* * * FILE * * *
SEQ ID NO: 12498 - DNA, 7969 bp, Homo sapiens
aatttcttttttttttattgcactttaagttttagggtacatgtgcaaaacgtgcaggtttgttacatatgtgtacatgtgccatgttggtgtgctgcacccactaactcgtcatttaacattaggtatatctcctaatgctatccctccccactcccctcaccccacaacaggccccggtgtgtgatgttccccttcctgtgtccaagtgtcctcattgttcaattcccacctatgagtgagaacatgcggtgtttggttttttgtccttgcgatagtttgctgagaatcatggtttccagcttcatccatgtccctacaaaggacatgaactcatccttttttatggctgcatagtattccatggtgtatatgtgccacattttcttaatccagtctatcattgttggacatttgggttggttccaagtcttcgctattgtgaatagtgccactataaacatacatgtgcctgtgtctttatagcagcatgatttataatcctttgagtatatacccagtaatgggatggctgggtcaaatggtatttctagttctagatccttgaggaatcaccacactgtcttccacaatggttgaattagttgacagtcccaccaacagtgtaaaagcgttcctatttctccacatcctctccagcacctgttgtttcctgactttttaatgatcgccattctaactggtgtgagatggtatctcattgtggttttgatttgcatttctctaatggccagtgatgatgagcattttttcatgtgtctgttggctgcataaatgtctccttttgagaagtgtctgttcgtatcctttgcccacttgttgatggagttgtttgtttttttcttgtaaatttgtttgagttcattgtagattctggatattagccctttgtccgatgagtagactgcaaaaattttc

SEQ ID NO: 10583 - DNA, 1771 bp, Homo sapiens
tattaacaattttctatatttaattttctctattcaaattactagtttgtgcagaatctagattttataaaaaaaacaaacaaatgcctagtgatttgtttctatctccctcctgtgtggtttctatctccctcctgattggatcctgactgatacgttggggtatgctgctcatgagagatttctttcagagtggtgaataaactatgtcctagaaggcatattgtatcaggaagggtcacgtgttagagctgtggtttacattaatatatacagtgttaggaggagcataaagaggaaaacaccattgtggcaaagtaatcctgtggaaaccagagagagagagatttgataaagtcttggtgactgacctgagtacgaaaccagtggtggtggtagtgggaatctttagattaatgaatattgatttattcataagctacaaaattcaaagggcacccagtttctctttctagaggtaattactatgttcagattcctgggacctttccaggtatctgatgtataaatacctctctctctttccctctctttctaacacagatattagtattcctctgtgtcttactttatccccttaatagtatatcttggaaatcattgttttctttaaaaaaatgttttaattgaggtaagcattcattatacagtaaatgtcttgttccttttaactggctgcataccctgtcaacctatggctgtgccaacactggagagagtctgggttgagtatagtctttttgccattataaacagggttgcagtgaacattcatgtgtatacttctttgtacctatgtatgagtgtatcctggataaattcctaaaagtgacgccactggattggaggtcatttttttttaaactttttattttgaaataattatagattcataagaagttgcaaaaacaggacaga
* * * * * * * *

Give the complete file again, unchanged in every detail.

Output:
SEQ ID NO: 12498 - DNA, 7969 bp, Homo sapiens
aatttcttttttttttattgcactttaagttttagggtacatgtgcaaaacgtgcaggtttgttacatatgtgtacatgtgccatgttggtgtgctgcacccactaactcgtcatttaacattaggtatatctcctaatgctatccctccccactcccctcaccccacaacaggccccggtgtgtgatgttccccttcctgtgtccaagtgtcctcattgttcaattcccacctatgagtgagaacatgcggtgtttggttttttgtccttgcgatagtttgctgagaatcatggtttccagcttcatccatgtccctacaaaggacatgaactcatccttttttatggctgcatagtattccatggtgtatatgtgccacattttcttaatccagtctatcattgttggacatttgggttggttccaagtcttcgctattgtgaatagtgccactataaacatacatgtgcctgtgtctttatagcagcatgatttataatcctttgagtatatacccagtaatgggatggctgggtcaaatggtatttctagttctagatccttgaggaatcaccacactgtcttccacaatggttgaattagttgacagtcccaccaacagtgtaaaagcgttcctatttctccacatcctctccagcacctgttgtttcctgactttttaatgatcgccattctaactggtgtgagatggtatctcattgtggttttgatttgcatttctctaatggccagtgatgatgagcattttttcatgtgtctgttggctgcataaatgtctccttttgagaagtgtctgttcgtatcctttgcccacttgttgatggagttgtttgtttttttcttgtaaatttgtttgagttcattgtagattctggatattagccctttgtccgatgagtagactgcaaaaattttc

SEQ ID NO: 10583 - DNA, 1771 bp, Homo sapiens
tattaacaattttctatatttaattttctctattcaaattactagtttgtgcagaatctagattttataaaaaaaacaaacaaatgcctagtgatttgtttctatctccctcctgtgtggtttctatctccctcctgattggatcctgactgatacgttggggtatgctgctcatgagagatttctttcagagtggtgaataaactatgtcctagaaggcatattgtatcaggaagggtcacgtgttagagctgtggtttacattaatatatacagtgttaggaggagcataaagaggaaaacaccattgtggcaaagtaatcctgtggaaaccagagagagagagatttgataaagtcttggtgactgacctgagtacgaaaccagtggtggtggtagtgggaatctttagattaatgaatattgatttattcataagctacaaaattcaaagggcacccagtttctctttctagaggtaattactatgttcagattcctgggacctttccaggtatctgatgtataaatacctctctctctttccctctctttctaacacagatattagtattcctctgtgtcttactttatccccttaatagtatatcttggaaatcattgttttctttaaaaaaatgttttaattgaggtaagcattcattatacagtaaatgtcttgttccttttaactggctgcataccctgtcaacctatggctgtgccaacactggagagagtctgggttgagtatagtctttttgccattataaacagggttgcagtgaacattcatgtgtatacttctttgtacctatgtatgagtgtatcctggataaattcctaaaagtgacgccactggattggaggtcatttttttttaaactttttattttgaaataattatagattcataagaagttgcaaaaacaggacaga